Infrastructure as Code (IaC) in Azure, building an Highly Available SQL Server(FCI) with S2D+SOFS & Disaster Recovery(AG) in multiple Datacenters

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*1337 Tech alert: Azure, IaaS, IaC, SQL Server, AlwaysOn AG/FCI, Networking, Clustering, VPN Vnet2Vnet, S2D, SOFS, Load Balancers, Health Probes…

Helloooo! Besides SQL Server 🙂 On of my current professional personal pet projects is around Azure, I always liked Infrastructure/ networking related stuff; actually I was a SysAdmin back in 2004 managing stuff from DCs to Exchange, from networking to firewalls (hahahaha Checkpoint FW1 with NT4), back in the days when I had my own datacenter at home(where I hosted my domains and nameservers, e-mail server, web, ftp,  I even hosted a private game server for Unreal Tournament for my friends), when I remember this stuff I just can’t avoid my ginormous smile… Bellow on of my servers back in 2002 in a Chieftec open chassis  😀

Back on track to the topic now, first of all, when we think about moving workloads to the cloud (actually, it is the same on-premises), there is one on point that based on my experience is often overlooked… It is the RTO (Repair Time Objective), that basically is, how long does it takes to bring the system up to a running state if shift happens.

What I bring today, is an end to end solution that can be used as an inspiration for a SQL Server(>=SQL2014) HA-DR architecture with Windows Server 2016; this concepts also apply outside of the SQL Server world and can be used in multiple scenarios…

First of all, the code used as example is in GitHub @ https://github.com/MrNetic/IaC , the scripts are numbered, so it is more intuitive to navigate, from 0 to xyz… Feel free to access this repo or/and be a contributor.

Moving forward, one of the things, that one must pay attention in Azure is in which subscription are the resources going to be created, always double check that the intended subscription is selected 🙂

In this HA and DR scenario, our data will be spread and sync across 2 different Datacenters in different Azure Regions (West Europe and West Central Us ), they will talk each other with Vnet2Vnet VPN, this could also be an hybrid architecture between Azure and on-premises (or another cloud vendor such as AWS). Of course, that when developing a strategy like this, it shouldn’t be isolated just to database platforms of an organization; this mindset should true when dealing with the remaining infrastructure, software and processes :

For this architecture 3 Availability Sets(AS) per region should be created since we want the max isolation possible between the VMs, meaning DC’s in one AS, the SQL Server FCI nodes on different AS and our Storage Spaces Direct + Scale Out File Server (S2D+SOFS) configured on its own AS:

With this type of configuration both our Domain Controllers, SQL Servers nodes, and Storage nodes run in distinct availability sets; this is a strategy to handle planned and unplanned maintenance for the VMs (avoid running on the same rack/ network switch), meaning each VM will be assigned to an Update Domain (UD) split accross Fault Domains (FD) per AvailabilitySet (AS) :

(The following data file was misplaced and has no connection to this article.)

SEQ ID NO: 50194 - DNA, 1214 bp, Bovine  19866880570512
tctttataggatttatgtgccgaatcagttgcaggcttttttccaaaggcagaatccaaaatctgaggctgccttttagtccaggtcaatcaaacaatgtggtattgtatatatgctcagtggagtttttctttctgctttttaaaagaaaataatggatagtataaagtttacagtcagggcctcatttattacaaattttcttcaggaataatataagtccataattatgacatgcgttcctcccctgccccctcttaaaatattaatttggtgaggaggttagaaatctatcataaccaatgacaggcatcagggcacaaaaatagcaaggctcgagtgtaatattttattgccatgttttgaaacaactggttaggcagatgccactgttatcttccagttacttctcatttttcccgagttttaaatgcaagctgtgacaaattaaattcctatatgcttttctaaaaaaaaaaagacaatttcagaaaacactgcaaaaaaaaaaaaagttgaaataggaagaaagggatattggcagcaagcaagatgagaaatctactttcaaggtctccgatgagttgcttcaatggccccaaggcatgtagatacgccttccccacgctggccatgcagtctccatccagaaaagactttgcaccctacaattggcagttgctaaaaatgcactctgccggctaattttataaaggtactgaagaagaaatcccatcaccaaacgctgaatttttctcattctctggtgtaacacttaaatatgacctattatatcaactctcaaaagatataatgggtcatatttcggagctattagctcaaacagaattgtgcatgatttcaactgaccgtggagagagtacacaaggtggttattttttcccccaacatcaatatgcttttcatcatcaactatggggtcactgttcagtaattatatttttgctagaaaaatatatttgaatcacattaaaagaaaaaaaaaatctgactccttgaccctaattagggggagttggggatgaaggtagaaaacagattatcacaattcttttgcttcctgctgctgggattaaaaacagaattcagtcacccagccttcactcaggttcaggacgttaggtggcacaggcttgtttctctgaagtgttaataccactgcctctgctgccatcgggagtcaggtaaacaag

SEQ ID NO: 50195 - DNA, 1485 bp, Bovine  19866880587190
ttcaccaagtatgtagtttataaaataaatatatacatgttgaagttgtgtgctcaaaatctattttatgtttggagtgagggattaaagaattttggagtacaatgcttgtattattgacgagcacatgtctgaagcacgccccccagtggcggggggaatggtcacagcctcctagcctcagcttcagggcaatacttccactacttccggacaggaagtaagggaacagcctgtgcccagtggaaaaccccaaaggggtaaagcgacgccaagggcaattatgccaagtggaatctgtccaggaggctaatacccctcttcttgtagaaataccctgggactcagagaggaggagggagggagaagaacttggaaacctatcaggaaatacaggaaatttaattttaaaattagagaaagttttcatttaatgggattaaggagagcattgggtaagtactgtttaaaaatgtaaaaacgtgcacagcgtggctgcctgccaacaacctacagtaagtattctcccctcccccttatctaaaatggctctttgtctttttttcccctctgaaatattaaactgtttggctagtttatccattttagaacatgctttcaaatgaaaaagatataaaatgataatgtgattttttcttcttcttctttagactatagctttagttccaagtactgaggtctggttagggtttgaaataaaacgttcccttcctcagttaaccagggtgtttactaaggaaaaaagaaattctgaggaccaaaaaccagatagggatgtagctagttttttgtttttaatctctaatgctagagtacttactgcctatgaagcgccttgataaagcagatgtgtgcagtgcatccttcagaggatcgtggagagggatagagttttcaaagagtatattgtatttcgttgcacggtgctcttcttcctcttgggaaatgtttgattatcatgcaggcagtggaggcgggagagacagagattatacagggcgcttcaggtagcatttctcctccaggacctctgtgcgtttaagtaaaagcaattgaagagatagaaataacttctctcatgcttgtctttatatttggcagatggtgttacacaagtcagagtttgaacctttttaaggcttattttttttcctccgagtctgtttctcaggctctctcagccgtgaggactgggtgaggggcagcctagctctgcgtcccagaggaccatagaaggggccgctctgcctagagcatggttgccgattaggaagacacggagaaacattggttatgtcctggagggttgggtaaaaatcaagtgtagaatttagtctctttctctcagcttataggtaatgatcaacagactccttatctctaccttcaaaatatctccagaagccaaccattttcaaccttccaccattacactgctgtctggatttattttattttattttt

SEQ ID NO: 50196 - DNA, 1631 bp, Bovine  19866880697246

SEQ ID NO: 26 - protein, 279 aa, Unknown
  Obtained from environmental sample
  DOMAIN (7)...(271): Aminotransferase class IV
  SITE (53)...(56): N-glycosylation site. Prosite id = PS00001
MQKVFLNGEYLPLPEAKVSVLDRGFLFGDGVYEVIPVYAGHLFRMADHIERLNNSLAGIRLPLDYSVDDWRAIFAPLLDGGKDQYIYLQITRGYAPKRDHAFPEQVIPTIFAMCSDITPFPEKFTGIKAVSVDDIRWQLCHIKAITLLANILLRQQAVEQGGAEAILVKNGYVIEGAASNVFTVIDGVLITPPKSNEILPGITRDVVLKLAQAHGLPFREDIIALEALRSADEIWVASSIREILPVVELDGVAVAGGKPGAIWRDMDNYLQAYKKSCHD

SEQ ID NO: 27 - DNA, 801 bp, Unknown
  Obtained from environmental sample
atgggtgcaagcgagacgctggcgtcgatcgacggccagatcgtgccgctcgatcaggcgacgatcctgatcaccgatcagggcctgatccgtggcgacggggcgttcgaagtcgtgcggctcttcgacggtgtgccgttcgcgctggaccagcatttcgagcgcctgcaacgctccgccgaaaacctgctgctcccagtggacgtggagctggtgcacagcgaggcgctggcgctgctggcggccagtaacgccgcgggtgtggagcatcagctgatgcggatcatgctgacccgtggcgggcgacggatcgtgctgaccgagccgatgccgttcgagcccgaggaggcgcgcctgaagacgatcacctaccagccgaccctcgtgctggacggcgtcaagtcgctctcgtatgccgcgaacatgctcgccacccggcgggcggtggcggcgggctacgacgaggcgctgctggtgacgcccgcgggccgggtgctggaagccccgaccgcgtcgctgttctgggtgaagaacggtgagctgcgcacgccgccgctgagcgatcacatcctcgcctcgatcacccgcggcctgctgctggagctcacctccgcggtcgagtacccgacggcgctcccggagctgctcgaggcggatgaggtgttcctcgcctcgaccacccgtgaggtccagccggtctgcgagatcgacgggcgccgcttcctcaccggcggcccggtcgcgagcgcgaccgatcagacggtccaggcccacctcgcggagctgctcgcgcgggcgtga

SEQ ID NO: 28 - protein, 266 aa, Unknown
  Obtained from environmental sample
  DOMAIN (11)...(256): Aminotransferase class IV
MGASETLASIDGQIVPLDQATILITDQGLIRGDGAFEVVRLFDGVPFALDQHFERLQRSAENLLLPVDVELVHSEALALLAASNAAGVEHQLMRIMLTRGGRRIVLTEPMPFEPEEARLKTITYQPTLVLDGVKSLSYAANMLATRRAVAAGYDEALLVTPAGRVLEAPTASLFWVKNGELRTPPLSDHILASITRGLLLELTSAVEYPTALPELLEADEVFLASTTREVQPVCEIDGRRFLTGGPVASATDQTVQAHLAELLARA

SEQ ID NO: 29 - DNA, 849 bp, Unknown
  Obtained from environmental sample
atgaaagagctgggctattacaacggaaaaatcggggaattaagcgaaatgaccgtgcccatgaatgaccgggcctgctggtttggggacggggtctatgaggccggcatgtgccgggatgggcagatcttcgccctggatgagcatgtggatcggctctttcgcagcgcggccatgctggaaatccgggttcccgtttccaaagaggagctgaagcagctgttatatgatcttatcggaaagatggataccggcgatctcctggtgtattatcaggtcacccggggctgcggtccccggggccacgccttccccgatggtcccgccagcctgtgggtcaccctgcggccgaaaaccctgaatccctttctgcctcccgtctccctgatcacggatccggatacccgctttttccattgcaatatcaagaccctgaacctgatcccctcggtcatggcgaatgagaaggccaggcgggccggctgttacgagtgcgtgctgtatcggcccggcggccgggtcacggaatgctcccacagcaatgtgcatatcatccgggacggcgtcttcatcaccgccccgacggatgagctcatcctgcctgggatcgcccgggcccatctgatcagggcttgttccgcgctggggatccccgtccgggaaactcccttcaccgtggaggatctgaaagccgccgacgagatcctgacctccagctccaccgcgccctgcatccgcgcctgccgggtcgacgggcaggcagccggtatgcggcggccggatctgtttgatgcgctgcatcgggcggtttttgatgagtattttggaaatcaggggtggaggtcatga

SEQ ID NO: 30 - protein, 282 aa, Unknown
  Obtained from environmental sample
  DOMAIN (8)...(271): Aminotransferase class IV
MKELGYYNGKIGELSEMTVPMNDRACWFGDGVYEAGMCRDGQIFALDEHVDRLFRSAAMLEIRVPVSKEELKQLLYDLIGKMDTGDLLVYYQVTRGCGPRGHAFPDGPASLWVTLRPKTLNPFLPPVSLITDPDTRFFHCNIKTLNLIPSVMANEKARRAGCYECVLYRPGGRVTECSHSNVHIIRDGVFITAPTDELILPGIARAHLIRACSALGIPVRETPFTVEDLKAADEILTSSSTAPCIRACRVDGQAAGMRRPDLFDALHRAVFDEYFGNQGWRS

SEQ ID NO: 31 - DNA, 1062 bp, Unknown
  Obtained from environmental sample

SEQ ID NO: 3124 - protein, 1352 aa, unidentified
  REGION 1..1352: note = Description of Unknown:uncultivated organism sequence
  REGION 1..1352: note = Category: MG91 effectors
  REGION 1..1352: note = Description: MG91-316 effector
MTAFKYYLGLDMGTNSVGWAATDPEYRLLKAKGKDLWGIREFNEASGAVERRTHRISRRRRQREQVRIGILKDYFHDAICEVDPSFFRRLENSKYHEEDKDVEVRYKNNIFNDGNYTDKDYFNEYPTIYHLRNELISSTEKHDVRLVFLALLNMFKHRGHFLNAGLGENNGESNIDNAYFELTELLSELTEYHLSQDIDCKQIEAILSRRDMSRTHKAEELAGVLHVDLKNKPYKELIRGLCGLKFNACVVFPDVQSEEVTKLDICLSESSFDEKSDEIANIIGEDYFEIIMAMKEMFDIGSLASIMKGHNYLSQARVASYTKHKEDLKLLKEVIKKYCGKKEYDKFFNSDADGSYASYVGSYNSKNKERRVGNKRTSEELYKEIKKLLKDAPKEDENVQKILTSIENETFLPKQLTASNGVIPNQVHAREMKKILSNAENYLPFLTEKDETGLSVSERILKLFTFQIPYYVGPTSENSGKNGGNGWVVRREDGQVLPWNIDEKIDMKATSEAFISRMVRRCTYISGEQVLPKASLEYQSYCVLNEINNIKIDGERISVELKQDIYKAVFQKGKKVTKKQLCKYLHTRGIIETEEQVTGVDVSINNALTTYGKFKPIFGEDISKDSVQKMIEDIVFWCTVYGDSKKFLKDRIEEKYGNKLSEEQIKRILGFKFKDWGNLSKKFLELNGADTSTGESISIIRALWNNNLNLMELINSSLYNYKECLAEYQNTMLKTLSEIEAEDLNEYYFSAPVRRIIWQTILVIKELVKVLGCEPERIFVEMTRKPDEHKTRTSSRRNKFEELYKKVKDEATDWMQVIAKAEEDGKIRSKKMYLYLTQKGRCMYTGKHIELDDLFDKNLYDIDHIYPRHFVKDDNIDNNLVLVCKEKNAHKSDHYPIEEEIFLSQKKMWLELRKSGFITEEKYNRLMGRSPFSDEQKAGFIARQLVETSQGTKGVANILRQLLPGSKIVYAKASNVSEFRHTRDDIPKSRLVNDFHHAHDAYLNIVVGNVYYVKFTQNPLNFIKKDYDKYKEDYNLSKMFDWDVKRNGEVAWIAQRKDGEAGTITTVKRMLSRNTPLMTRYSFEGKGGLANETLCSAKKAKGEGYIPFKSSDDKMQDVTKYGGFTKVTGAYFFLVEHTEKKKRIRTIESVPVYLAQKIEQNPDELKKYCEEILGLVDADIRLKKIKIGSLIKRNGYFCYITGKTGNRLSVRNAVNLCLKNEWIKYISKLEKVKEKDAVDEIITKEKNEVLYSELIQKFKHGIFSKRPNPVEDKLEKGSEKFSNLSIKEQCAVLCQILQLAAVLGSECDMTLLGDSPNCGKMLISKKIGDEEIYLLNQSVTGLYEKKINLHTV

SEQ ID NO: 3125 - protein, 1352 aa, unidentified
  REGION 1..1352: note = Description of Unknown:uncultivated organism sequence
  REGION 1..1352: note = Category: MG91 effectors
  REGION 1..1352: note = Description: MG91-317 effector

Note: The maximum value for fault domains can be different between Azure regions!

Also, regarding network, per VNET it will be segmented in 6 different subnets, one for DCs/ Infrastructure, Management, Gateway, Storage and SQL Server (where the Availability Group Listener will be, note: an availability group can have multiple listener on multiple IPs if needed) ; an extra network interface will be configured at the SQL Server nodes and will be used for cluster communications, and AlwaysOn AG data synchronization (on it’s own subnet).

2 VNETs will be created, one for each region:

Bellow is a very high level architecture (x2, per site connected by Vnet2Vnet VPN)

After the VM’s are created and the pre-requisites are in place (domain services/ cloud witness for the clusters…) it is time to progress and create the clusters!

Our first pair of nodes are for the Storage Cluster in West Europe, basically they will serve the storage needs of the environment, started with only 2 nodes but can scale-up (like more RAM/CPU/SSD) and/or scale-out for more power and/or capacity with Storage Spaces Direct aka S2D and Scale-out Fileserver aka SOFS.

Also, with the type of architecture above for storage, we can leverage RAM for cache. (note: Azure has recently enabled RDMA-capable VMs to communicate each other over an InfiniBand network for compute intensive workloads).

After we have the storage running, it is just a typical SQL Server FCI installation on the other 2 nodes, but instead of using shared disks, SMB shares will be used (3.0) (note: there are multiple approaches here, such as using local storage for TEMPDB (or not), using multiple network interfaces to handle traffic and/or increase fault tolerance (or not), etc…).

The picture bellow shows the GEO-Cluster with Nodes both in Europe and US, the Disaster Recovery is in US (node vote =0)

Long story short, next step is to create a Vnet2VnetVPN and add 2 SQL nodes (running their own SQL Server Instance) in West Central Us and create another cluster (S2D+SOFS) in West Central Us (remember the sample scripts are maintained in GitHub @ https://github.com/MrNetic/IaC)

Next Steps:

Configure internal Load Balancers for: each FCI instance + HADR Endpoints + AG Listener

This will lead to the architecture bellow:

Take in consideration that one the most critical part when defining an environment like this is the planning, so it is very important to spend time there because not all components can be easily re-configured.

Hope you find this useful and let me know if you intend use it as an inspiration for an upcoming project!

All the best,

Paulo Condeça

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